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The Evolution of Television: Thinner, smaller and meaner.

By: Sara B.Allison
Television has revolutionized our way of seeing since its invention in the 1920s. It brought news of war, triumphs —like walking on the moon— and sitcoms we watch purely for entertainment on the comforts of our living room couches. Screen size, the number of channels available and ways of recording video are just a few things that changed dramatically as TV evolved.
TV in the 70s, when I was a child, projected only black and white and broadcasted a handful of stations. Today, kids are raised not by parents but the hundreds of channels programmed into the small electronic box. They can watch video content on an iPod, a gadget small enough to fit in a pocket.
Philo Taylor Farnsworth first began thinking about the concept of television when he was 14 years old in 1906. He developed the idea and finally felt confident enough to share his invention with the press. In September 1928, he released the dissector tube, the first all-electronic picture, which remains the basis of all television today.
Sony manufactured the first consumer camcorder, which utilized 8 mm video format in 1983. These devices combined a video camera with the VHS/betamax recorder, all in one. The company went on to update that large version with the Handy Cam camcorder a year later. Only 12 years later, the MiniDV tape, a consumer standard today, was born.
Technology is advancing even quicker today as consumers crave more viewing options, better picture quality and convenient ways of being entertained wherever they are.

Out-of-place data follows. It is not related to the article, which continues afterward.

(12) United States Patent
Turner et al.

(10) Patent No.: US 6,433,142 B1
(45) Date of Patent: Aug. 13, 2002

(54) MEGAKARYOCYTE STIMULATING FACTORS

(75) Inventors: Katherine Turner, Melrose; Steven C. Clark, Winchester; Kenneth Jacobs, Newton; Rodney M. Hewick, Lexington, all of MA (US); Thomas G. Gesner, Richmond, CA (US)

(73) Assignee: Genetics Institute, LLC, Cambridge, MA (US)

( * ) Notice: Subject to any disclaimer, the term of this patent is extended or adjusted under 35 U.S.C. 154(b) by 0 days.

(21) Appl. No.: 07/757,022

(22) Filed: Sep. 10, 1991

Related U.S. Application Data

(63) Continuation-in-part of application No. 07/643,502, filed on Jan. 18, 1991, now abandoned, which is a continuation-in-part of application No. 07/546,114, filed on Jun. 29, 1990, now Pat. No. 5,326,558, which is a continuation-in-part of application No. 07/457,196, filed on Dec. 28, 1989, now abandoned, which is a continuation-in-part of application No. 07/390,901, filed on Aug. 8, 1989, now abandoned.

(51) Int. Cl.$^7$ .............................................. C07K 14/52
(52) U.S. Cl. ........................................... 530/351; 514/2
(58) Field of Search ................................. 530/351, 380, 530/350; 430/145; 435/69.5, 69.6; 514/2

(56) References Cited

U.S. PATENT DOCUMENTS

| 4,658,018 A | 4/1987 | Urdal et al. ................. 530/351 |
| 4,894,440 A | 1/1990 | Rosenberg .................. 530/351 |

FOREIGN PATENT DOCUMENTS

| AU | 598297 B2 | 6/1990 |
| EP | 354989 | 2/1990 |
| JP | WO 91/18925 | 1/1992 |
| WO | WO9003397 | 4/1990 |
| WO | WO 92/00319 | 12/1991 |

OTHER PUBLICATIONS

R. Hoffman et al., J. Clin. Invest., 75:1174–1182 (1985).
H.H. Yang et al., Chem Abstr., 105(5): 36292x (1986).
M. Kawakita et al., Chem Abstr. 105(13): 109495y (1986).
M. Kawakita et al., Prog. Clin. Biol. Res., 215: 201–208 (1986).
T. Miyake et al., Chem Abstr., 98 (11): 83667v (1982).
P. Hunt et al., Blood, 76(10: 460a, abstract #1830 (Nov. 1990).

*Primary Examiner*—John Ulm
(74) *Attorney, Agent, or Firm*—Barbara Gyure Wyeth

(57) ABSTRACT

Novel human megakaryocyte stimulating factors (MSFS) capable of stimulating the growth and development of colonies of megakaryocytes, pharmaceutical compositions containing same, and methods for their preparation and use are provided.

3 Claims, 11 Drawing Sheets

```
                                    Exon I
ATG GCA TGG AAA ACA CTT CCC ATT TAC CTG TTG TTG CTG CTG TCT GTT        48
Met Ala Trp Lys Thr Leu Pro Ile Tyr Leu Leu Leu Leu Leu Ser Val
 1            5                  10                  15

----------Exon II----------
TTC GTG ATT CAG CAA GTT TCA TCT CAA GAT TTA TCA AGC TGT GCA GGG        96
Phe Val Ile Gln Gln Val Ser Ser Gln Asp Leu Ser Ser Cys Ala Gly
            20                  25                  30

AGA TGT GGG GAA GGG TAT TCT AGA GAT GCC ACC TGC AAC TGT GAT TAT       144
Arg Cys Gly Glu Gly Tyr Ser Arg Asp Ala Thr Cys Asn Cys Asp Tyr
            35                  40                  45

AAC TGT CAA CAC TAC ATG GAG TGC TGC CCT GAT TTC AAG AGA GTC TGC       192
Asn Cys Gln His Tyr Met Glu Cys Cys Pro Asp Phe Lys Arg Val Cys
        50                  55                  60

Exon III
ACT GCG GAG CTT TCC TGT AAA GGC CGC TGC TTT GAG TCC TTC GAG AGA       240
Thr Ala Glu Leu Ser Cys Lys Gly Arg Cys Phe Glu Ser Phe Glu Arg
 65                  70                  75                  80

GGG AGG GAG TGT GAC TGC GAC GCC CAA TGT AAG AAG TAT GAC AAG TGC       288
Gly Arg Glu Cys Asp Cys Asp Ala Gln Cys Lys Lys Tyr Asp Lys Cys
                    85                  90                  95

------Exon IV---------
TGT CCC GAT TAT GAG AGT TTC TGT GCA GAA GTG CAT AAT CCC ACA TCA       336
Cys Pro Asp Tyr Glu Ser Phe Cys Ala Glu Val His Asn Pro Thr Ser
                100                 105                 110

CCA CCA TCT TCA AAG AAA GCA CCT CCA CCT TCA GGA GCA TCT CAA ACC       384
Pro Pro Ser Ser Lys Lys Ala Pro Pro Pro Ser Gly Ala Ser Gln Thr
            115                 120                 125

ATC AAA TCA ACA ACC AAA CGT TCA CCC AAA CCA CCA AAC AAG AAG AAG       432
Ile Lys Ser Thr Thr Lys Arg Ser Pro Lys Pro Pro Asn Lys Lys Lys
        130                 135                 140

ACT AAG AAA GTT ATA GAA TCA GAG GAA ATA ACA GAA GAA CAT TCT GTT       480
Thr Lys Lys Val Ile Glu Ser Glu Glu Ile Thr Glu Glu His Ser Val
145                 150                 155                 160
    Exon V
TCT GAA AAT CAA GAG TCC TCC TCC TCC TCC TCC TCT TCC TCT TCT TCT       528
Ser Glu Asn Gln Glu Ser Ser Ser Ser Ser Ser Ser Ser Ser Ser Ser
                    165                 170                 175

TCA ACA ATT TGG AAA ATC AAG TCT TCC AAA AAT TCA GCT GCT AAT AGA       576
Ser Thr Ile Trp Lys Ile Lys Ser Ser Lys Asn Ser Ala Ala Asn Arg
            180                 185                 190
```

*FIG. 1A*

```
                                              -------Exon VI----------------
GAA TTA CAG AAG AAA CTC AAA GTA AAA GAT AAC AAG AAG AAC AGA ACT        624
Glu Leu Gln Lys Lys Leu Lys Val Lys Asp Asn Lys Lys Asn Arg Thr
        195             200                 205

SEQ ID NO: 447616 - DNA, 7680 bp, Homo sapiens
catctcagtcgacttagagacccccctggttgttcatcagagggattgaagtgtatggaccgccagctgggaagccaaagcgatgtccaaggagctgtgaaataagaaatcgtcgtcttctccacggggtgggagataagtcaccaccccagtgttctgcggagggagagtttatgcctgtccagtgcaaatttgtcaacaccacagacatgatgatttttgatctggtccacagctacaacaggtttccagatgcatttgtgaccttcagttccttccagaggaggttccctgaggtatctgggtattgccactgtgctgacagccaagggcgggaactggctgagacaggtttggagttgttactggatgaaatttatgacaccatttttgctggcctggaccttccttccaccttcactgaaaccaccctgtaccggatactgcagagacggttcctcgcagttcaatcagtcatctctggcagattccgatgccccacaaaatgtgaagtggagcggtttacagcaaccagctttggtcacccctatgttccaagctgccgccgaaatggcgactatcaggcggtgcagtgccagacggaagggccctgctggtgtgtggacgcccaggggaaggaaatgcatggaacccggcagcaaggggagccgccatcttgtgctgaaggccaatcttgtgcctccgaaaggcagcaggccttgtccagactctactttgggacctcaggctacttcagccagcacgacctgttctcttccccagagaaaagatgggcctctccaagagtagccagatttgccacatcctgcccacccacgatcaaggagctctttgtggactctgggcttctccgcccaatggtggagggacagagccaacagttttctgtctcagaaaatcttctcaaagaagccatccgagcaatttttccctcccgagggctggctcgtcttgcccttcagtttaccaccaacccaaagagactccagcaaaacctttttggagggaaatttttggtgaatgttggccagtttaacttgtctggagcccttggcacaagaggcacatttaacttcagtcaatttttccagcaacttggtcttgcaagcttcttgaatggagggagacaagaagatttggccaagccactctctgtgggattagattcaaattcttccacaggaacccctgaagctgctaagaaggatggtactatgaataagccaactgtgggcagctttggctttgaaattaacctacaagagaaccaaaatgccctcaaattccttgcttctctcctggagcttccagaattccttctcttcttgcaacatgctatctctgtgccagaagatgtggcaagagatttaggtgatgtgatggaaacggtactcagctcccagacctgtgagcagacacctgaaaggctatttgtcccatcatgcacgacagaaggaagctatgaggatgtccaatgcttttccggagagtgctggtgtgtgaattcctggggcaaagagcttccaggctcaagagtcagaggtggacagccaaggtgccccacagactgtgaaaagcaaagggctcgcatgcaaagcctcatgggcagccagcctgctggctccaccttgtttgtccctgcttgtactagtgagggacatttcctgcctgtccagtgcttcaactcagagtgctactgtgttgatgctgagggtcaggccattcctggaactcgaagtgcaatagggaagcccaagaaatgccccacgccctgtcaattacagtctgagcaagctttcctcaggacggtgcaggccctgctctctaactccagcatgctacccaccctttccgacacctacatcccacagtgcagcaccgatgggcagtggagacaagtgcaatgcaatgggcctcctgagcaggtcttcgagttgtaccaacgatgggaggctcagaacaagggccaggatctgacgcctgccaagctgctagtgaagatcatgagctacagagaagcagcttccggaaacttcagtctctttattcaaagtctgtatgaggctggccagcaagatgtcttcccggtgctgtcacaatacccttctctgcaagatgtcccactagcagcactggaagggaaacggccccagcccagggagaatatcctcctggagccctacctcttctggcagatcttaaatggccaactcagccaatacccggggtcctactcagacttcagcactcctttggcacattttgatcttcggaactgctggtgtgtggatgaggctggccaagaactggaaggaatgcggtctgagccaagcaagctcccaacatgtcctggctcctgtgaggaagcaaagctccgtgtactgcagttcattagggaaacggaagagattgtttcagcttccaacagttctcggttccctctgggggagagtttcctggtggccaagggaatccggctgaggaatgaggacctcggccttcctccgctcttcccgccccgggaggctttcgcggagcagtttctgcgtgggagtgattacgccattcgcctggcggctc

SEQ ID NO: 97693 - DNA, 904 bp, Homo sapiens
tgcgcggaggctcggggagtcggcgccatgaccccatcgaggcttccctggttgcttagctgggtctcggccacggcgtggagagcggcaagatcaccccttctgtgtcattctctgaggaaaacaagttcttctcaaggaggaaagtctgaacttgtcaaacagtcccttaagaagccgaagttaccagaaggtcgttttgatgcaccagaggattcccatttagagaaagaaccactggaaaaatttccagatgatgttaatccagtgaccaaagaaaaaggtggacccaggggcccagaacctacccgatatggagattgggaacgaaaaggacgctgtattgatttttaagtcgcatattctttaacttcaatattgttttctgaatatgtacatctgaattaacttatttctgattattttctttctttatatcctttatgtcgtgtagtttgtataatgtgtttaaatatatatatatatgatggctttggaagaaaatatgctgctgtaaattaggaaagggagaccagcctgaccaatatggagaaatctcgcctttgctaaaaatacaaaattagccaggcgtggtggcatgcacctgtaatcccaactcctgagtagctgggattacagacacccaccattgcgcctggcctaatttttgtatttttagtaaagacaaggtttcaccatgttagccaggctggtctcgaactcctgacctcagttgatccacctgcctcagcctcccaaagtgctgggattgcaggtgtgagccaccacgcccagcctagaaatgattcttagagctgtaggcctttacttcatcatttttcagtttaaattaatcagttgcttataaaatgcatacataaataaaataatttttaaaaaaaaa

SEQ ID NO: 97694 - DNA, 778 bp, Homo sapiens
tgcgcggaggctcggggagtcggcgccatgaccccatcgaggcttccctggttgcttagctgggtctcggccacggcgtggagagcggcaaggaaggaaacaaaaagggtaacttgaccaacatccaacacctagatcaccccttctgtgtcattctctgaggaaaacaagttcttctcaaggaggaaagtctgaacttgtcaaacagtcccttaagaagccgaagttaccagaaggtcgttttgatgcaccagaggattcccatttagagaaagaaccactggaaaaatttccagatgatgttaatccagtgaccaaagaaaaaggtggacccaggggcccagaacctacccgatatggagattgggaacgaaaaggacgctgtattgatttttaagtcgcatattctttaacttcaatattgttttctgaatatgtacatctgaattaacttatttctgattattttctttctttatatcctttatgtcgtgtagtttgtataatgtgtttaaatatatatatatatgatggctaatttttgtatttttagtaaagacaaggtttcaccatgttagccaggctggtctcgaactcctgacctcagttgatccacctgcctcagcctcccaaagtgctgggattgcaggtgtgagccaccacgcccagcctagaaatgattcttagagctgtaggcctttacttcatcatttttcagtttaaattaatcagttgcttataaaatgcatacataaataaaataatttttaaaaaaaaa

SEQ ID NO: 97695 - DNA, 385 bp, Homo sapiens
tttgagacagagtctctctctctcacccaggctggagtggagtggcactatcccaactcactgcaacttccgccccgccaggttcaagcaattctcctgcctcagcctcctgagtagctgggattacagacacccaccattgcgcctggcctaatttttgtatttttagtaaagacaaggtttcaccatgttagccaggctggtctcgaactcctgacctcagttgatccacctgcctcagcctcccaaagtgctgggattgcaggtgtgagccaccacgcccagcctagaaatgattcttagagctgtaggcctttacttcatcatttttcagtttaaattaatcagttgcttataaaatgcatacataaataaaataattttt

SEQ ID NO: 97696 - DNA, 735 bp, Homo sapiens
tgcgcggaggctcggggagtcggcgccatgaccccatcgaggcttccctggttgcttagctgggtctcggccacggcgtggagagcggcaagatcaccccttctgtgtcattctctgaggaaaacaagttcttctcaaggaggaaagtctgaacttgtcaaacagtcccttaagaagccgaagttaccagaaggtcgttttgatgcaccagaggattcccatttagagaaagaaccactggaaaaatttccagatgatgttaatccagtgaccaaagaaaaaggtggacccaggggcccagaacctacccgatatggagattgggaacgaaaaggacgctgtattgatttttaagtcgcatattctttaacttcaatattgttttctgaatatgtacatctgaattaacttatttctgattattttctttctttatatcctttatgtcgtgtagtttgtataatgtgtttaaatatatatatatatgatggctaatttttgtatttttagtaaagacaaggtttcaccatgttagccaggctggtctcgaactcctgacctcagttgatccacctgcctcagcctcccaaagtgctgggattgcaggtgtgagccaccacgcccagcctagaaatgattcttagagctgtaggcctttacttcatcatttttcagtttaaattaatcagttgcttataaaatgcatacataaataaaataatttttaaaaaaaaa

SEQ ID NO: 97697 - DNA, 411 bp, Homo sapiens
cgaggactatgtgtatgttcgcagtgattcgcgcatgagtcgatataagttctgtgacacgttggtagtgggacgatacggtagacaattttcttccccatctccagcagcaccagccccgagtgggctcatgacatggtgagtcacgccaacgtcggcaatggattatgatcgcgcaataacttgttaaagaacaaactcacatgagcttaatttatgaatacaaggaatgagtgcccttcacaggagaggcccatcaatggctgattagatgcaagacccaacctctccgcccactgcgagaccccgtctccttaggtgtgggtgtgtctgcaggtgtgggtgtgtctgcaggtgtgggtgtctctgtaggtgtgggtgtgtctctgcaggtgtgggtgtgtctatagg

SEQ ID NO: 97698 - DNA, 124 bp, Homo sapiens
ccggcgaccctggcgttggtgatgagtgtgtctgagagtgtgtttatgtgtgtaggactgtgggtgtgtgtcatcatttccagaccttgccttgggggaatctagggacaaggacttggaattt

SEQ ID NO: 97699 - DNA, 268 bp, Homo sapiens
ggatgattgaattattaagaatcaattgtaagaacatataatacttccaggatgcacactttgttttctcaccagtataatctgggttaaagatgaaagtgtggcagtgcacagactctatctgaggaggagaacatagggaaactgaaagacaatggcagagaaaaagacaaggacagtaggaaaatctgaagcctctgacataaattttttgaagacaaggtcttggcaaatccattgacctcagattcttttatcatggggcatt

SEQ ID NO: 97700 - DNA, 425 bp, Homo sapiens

In October 2005, ABC announced a deal with Apple’s iTunes to sell episodes of popular shows such as “Lost” for consumers to view on the newly released video iPod. NBC announced a similar deal with iTunes in the first week of December. They offer new and classic shows for download.
From families gathering in front of a wood encased television set to watch “The Ed Sullivan Show” in the 1950s, to kids streaming video of the war-ravaged Middle East on computers in their classroom today, TV has broadcast sights that are historical, emotional and often times unforgettable. Television has changed and will continue to improve its screen in an ongoing video revolution.

Television – From First Transmission to High Definition

1927 – Philo T. Farnsworth invents the television.
1928 – John Logie Baird demonstrates the world’s first color transmission.
1940 – RCA gives the first color television demonstration on February 5.
1955 – Zenith engineer Eugene Polley invents the Flashmatic, the first wire-less TV remote.
1956 – The first commercially successful videotape recorder is put on the market by Ampex for about $50,000.
1964 – Sony makes the first VTRs (video tape recorders) for home use.
1985 – Sony introduces the Handycam, one of the first 8mm video cameras.
1996 – Digital Video (DV) format launched.
1999 – TiVo introduces its digital video recorder.
2000 – Samsung Electronics and Geo Interactive Media Group unveils a cellular
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